But before Christmas, there is the feast of the Immaculata, the 8th of December, a date that should be dear to all Catholic hearts. Our faith tells us that Mary was conceived immaculate, that is, without sin. In other words, she was saved in advance, thanks to the future merits of her Son, whose Blood washed her clean even before she was defiled by original sin. God had a very special design for that little girl in the womb of St Anne, for He wanted her to give birth to His own Son, and therefore she had to be immaculate, sinless, perfect in every way. She had to be replete with such a fullness of grace, from the very first instant of her existence, that a creature could not possibly receive more. It is mind-boggling to think of the treasure of grace that the Holy Trinity poured into her soul at the very moment she began to be! And how consoling it is to think that that little girl has become not only the Mother of Jesus, but our Mother as well. Let anyone who is tempted to think that the Church does not acknowledge the grandeur of woman consider what she teaches about Mary. Mary is the greatest human person who has every existed. Jesus is a Divine Person with a human nature, but He is not a human person, and so He is entirely apart, for there can never be any comparison between God and any creature. The greatest human person is a woman, and she is our Mother, and as a Mother, she has solicitude for each of us, for being so exceptionally favoured, she has a God-given capacity to pursue the duties of her maternity for each of us. Yes, Mary watches over each of us as a good mother watches over her only child.
And what does Mary want for us? She wants us to achieve as closely as we can, the model of her own closeness to God. Immaculate we are not. But purified and cleansed we can be. Let us, in preparation for the feast of the Immaculate Conception, seek to purify our minds and bodies. Let us make a good examination of conscience and go to make a good confession, humbly acknowledging our sins, our stains, opening the wounds of our soul to God’s minister in the sacrament of penance, certain that our humble sincerity will be rewarded by the infusion of greater purity, and we shall become more like unto our Immaculate Mother. If we do so, then we shall truly prepared for the coming of Jesus on Christmas night.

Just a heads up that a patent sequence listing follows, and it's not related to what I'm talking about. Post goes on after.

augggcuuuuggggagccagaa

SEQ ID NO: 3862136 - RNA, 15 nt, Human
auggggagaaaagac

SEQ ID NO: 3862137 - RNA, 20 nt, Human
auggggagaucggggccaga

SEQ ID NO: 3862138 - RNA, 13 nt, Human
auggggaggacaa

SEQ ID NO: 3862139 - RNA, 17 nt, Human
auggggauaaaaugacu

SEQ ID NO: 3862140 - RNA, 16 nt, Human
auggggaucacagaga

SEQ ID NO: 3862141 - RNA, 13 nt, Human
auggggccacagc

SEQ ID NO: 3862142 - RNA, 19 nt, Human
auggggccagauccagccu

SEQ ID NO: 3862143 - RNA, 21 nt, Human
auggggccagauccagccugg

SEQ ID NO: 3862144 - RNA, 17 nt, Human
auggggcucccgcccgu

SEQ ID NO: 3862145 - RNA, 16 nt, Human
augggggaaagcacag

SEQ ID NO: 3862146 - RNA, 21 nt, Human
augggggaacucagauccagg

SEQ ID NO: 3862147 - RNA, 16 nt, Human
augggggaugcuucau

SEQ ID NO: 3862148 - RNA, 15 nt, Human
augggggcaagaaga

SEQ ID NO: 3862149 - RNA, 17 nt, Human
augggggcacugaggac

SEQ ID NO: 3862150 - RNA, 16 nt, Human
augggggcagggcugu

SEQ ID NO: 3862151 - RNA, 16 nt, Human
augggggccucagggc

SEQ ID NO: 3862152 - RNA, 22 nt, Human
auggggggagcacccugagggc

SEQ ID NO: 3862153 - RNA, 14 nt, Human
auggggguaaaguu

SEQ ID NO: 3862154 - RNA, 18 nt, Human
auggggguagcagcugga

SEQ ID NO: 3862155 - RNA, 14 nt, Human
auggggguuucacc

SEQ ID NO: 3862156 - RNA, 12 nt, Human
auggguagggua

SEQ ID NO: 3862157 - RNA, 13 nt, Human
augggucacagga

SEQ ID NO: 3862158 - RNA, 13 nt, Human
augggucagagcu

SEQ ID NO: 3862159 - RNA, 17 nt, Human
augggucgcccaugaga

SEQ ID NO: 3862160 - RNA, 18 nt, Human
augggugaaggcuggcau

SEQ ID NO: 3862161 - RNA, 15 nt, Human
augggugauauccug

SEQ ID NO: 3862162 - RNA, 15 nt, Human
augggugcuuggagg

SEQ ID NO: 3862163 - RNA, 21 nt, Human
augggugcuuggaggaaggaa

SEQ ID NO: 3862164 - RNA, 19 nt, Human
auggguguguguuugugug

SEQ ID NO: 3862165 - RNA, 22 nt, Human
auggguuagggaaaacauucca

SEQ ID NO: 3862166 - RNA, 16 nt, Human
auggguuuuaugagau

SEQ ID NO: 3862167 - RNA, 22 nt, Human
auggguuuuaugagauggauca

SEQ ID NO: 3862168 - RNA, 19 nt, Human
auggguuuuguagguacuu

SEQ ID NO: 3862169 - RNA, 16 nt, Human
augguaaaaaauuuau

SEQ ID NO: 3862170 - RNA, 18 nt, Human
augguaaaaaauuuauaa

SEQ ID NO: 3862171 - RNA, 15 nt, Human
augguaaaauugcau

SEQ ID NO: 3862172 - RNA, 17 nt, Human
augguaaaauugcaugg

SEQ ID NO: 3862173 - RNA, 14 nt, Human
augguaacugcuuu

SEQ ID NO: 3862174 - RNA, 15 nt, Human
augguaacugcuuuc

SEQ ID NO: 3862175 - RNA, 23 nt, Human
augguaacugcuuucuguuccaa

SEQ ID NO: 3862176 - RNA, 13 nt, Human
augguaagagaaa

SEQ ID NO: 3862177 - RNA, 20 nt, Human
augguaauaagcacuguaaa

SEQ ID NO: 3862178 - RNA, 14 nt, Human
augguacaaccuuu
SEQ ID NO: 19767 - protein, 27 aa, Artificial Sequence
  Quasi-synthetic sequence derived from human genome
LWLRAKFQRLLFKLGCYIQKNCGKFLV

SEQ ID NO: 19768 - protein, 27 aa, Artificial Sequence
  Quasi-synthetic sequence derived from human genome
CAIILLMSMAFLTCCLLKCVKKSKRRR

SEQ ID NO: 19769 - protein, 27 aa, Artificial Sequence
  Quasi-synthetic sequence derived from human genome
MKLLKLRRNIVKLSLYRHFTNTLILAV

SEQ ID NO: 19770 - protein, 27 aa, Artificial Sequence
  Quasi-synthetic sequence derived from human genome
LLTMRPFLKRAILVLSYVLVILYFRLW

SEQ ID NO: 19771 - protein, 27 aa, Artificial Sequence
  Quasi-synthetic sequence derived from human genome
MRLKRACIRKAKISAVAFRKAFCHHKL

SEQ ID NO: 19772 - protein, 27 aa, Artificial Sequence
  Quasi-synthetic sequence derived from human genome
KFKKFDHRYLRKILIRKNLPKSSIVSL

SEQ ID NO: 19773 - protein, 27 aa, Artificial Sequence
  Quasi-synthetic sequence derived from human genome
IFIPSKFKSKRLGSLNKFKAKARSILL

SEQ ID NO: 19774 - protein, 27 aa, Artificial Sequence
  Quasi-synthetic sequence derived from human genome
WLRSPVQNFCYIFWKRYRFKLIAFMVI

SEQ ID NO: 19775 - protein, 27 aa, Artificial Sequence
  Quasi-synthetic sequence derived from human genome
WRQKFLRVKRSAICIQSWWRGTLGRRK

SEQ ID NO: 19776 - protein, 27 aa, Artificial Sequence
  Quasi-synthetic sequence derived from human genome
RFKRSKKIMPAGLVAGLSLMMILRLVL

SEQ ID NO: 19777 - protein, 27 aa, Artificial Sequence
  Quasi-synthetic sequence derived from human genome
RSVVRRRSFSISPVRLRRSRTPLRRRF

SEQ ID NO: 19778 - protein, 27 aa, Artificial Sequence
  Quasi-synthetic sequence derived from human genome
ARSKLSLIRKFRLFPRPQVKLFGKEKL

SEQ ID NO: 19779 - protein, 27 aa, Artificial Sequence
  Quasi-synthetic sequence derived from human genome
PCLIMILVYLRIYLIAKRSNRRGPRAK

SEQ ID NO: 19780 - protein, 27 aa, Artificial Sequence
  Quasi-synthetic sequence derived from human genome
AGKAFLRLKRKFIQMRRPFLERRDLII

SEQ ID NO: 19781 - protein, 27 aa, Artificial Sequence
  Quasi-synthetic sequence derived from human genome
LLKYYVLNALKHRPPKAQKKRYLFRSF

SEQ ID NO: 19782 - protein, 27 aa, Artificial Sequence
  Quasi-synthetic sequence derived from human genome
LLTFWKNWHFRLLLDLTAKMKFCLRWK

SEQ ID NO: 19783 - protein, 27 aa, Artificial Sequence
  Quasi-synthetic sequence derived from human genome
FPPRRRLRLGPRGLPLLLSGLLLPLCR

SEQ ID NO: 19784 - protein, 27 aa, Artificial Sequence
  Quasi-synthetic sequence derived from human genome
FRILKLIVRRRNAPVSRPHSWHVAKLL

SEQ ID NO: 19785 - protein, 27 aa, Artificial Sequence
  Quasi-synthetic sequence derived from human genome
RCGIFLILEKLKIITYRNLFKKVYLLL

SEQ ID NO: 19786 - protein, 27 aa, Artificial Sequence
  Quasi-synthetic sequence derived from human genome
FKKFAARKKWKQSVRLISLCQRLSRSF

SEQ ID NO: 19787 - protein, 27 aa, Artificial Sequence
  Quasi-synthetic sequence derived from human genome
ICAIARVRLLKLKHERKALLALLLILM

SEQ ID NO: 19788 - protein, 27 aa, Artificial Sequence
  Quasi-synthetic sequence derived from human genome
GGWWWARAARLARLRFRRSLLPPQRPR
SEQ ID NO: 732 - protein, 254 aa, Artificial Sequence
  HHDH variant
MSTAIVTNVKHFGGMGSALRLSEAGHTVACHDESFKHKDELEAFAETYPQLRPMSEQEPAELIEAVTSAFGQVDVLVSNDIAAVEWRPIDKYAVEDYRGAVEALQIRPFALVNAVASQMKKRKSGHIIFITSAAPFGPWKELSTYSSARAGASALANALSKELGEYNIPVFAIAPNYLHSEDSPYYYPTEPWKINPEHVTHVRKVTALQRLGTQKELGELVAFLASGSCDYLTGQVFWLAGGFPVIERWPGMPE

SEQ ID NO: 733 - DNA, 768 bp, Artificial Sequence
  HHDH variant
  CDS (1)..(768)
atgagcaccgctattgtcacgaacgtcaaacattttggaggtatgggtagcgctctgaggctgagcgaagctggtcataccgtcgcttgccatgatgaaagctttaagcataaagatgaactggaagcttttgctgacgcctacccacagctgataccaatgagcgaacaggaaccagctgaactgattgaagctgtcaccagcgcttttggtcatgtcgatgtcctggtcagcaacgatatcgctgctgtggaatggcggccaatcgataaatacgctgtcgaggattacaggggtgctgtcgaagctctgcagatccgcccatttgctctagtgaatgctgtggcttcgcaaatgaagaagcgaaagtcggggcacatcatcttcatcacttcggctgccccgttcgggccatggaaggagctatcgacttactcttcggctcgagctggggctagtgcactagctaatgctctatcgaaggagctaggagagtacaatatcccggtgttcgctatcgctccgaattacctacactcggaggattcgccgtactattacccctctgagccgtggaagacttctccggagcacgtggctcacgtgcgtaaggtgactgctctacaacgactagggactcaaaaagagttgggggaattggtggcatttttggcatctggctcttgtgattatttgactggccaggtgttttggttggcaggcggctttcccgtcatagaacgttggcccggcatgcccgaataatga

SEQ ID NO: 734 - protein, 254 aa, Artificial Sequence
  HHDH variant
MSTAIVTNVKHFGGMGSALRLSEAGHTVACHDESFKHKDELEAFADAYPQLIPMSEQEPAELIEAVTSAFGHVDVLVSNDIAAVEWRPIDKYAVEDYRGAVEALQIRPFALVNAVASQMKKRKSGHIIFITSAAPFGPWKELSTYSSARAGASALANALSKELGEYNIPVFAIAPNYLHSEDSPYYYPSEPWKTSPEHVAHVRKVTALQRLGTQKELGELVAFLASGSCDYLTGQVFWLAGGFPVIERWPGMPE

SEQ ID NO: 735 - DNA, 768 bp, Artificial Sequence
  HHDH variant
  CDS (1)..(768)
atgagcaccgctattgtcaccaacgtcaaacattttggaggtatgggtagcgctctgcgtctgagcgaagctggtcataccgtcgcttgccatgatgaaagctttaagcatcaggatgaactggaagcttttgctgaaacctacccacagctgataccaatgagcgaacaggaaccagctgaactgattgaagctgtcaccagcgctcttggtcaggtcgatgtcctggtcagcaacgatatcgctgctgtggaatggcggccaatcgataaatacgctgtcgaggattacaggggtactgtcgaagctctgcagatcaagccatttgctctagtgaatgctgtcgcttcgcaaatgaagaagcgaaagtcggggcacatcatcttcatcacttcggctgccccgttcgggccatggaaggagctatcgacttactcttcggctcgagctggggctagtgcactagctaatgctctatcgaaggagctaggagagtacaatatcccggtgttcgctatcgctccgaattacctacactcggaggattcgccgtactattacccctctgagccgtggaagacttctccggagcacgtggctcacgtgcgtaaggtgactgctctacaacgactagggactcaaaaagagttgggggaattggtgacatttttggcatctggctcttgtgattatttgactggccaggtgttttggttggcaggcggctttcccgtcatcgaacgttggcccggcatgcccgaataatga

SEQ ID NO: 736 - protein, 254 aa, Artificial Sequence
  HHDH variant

My dear Friends, Jesus wants to come into our lives in new ways. He has a plan for each of us. He wants us to realise it, to achieve it. Let’s not sadden His Sacred Heart by insisting on doing it our way. We need to discern His ways, and His ways are sometimes disconcerting; they baffle us; they leave us in awe, but they lead to undreamed of happiness and fulfilment far beyond the finite horizon of our earthly ambitions. Let God do the great things He longs to do in our lives, let Him be God, and let us be His creatures.
Which brings me to a final word about St Francis Xavier. This great apostle, one of the patron saints of Australia, has so much to teach us in terms of making ourselves available for God’s plan. Like so many of us, Xavier had his own plans for the future. He wanted to become a brilliant teacher and make a name for himself. But then he encountered Inigo (Ignatius) of Loyola, who stepped into his life quite unexpectedly. Ignatius was a soldier who had a deep conversion during his period of convalescence after being wounded in battle, and who now was ready to fight for the Lord. Ignatius kept asking Xavier, using the words of Our Lord: What will it profit a man to gain the whole world, if he lose his own soul? And one day Xavier realised his own folly; he understood that he had been chasing after the wind, and that at the hour of death the only thing that will matter will be what we have done for God. After making the Spiritual Exercises, Xavier was ready to go and preach the Gospel to the ends of the earth, and it is thanks to him that hundreds of thousands of souls were baptised and received into the Church. For sure, the conditions in which the Gospel is preached have changed much since the 16th century, but the Gospel and the truths of our faith do not change, and the need is as great as ever, for the entire world is now mission territory. May St Francis Xavier inspire us each with an ever-growing love for Jesus and Mary, the courage to let it be known, and the right words and gestures to share our treasure with the world.